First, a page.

Way back in September, my fellow Rioter Kit posted about the 5 best literary TED Talks and recently I’ve been sucked down the rabbit hole that is the TED website. Who knew you could find talks on everything from the correct way to tie your shoes and how to only use one paper towel when you wash your hands to the innovative thinking changing neuroscience and robotics and game theory and health care and education. It’s a fun and fascinating rabbit hole to fall down. Kit’s post featured some of my favorite TED talks, but there were a few excellent bookish ones that I thought deserved a shoutout. Some of these came out after Kit’s post too, which just means that every day, they’re posting new and amazing videos.
Mary Roach: 10 things you didn’t know about orgasm
On the occasion of her 2008 book Bonk, Mary Roach gives a TED talk like only she can. Full of the factual but funny marginalia that comprises the bulk of her unusual research, Roach is probably a far different TED lecturer than they usually host. But Roach delivers these odd factoids in a way that is both entertaining and completely educational.
Karen Thompson Walker: What fear can teach us
Using the lessons from the whaleship Essex (also the subject of a great book by Nathanial Phillbrick and the basis for Moby Dick), Karen Thompson Walker discusses the power of fear and imagination. She argues that fear is nothing but the most elaborate manifestations of our imaginations, and this drives the best storytelling. Thompson Walker – the author of The Age of Miracles – makes these literary connections and her perceptions about fear as plot drivers will totally change your view on fiction.
Chip Kidd: Designing books is no laughing matter. OK, it is.
Book cover designer Chip Kidd delivers one of the most entertaining and hysterical TED talks I’ve ever seen – and judging by the feedback on his video, I’m not the only one who thinks so. Kidd’s designs have revolutionized the way that books are marketed and packaged. His packaging of 1Q84 by Haruki Murakami is testament to that fact. This is a fascinating glimpse into how book covers come to life and the decisions that one of the giants in his field makes in those designs. Even if you don’t care about design, this one is worth watching just for the laughs.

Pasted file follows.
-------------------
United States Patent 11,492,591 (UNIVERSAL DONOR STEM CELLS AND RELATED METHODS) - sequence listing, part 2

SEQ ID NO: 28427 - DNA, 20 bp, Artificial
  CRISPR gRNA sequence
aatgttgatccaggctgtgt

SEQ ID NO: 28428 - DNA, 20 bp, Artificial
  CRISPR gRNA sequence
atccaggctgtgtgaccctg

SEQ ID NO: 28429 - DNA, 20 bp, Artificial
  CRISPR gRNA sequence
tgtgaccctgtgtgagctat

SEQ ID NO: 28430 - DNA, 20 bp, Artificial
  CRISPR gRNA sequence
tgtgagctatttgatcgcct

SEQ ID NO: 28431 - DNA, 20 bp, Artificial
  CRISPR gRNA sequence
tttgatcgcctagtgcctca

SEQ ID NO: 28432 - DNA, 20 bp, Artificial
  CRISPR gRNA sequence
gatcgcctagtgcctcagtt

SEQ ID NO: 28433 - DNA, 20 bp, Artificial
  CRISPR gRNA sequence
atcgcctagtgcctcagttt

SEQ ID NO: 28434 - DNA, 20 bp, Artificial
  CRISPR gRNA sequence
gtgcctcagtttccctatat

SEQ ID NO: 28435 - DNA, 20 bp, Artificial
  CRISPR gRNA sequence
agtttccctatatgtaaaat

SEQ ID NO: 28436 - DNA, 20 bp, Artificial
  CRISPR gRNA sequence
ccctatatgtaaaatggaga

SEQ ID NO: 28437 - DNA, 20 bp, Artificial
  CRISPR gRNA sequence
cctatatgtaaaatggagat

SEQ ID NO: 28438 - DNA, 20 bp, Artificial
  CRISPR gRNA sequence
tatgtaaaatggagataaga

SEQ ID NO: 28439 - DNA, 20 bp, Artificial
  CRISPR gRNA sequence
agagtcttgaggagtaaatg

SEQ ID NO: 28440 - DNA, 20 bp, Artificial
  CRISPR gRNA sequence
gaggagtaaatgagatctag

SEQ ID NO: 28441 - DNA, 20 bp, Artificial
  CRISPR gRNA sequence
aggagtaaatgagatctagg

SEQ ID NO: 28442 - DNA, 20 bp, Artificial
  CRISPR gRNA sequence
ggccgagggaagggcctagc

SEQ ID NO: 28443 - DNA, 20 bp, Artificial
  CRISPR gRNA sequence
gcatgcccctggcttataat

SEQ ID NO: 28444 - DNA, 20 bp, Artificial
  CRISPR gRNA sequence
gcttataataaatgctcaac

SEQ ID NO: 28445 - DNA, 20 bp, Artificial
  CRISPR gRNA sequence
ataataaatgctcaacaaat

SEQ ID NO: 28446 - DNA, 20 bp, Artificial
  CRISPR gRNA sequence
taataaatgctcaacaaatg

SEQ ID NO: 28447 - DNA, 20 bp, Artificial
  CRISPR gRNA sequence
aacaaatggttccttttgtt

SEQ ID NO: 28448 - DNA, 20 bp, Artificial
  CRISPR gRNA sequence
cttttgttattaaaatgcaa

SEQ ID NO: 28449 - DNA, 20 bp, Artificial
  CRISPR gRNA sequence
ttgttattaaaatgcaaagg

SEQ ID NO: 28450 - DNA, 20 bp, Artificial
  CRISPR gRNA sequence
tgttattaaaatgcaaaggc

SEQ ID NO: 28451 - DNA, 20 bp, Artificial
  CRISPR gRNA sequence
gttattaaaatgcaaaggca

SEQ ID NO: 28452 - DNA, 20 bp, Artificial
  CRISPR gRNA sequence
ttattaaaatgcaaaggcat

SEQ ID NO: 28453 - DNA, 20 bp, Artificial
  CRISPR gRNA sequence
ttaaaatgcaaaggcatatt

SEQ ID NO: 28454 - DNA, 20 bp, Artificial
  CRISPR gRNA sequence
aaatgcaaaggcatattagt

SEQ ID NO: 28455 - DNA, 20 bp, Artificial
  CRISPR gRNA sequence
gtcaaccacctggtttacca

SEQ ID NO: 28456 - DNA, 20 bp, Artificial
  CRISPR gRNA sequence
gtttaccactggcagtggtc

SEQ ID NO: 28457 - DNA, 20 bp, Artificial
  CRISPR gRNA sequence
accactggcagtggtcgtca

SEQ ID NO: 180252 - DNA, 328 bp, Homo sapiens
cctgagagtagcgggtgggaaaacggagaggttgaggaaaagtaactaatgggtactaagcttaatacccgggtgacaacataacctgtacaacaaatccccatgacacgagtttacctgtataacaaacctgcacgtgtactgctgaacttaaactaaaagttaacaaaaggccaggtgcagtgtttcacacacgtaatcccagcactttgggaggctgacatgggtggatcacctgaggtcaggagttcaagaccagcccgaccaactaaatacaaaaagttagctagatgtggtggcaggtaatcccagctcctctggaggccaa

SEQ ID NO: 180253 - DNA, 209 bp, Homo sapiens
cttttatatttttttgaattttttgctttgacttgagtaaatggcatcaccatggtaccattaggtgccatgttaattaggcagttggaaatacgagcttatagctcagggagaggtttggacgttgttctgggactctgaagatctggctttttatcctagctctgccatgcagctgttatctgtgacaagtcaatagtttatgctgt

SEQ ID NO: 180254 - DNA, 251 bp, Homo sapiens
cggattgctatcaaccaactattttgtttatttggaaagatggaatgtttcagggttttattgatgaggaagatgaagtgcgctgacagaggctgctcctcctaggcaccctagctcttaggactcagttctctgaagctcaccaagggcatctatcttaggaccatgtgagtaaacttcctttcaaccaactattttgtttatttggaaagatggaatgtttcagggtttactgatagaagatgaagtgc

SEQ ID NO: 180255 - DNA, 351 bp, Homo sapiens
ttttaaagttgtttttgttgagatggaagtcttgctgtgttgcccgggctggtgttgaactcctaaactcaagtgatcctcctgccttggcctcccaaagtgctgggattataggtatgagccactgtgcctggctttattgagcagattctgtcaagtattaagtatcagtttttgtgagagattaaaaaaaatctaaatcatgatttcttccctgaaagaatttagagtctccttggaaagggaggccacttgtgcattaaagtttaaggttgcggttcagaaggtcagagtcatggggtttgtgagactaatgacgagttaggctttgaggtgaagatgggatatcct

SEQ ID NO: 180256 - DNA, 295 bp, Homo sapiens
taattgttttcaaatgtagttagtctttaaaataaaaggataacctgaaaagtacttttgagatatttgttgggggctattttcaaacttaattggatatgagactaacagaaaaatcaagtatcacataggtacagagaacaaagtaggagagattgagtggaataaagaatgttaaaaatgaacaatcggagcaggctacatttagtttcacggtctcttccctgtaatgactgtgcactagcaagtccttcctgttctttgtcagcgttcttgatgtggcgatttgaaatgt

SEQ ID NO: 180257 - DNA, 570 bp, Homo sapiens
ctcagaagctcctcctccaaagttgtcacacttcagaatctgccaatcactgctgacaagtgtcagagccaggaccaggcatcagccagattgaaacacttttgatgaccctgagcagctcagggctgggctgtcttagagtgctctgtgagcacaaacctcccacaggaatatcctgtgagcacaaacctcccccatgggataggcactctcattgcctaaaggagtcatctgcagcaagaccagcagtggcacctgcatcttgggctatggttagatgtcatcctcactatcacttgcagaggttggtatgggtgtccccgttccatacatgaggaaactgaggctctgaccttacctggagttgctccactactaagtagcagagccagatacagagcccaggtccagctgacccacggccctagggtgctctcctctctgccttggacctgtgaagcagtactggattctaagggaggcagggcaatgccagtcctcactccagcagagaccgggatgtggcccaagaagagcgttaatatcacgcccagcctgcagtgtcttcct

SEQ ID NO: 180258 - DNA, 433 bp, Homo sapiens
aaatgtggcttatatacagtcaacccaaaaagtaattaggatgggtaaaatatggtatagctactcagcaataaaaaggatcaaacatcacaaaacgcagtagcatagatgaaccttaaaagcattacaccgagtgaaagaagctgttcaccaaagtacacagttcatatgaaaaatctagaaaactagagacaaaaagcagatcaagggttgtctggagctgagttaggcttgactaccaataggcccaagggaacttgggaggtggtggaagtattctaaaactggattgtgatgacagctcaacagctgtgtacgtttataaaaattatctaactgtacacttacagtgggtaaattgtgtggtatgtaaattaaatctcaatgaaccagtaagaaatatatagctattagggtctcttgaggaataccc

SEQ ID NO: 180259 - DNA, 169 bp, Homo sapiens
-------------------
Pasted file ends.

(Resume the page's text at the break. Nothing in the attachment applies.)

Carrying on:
Elif Shafak: The politics of fiction
Novelist Elif Shafak discusses the importance of storytelling as a method for reaching beyond the cultural circles we are part of, as a way of growing and expanding our knowledge of the world. Reading and writing outside of our walls, Shafak argues, is the best and perhaps only way to transcend political barriers. Though her speech feels rushed, the underlying message, the argument for reading books about people and places not like ourselves is a strong one.
Chimamanda Adichie: The danger of a single story
Along the same lines as Shafak’s talk, Chimamanda Adichie tells her story about discovering her cultural heritage in literature – and warns of the danger of limiting our view about anything to one single story. Because she’d begun reading American and British books as a young Nigerian girl, she didn’t know that African people like her could exist in literature until she discovered African novelists like Chinua Achebe. Similarly, she expresses a distress about the fact that, by limiting our knowledge of a place or a people to a single narrative, we are wearing blinders to the world around us.
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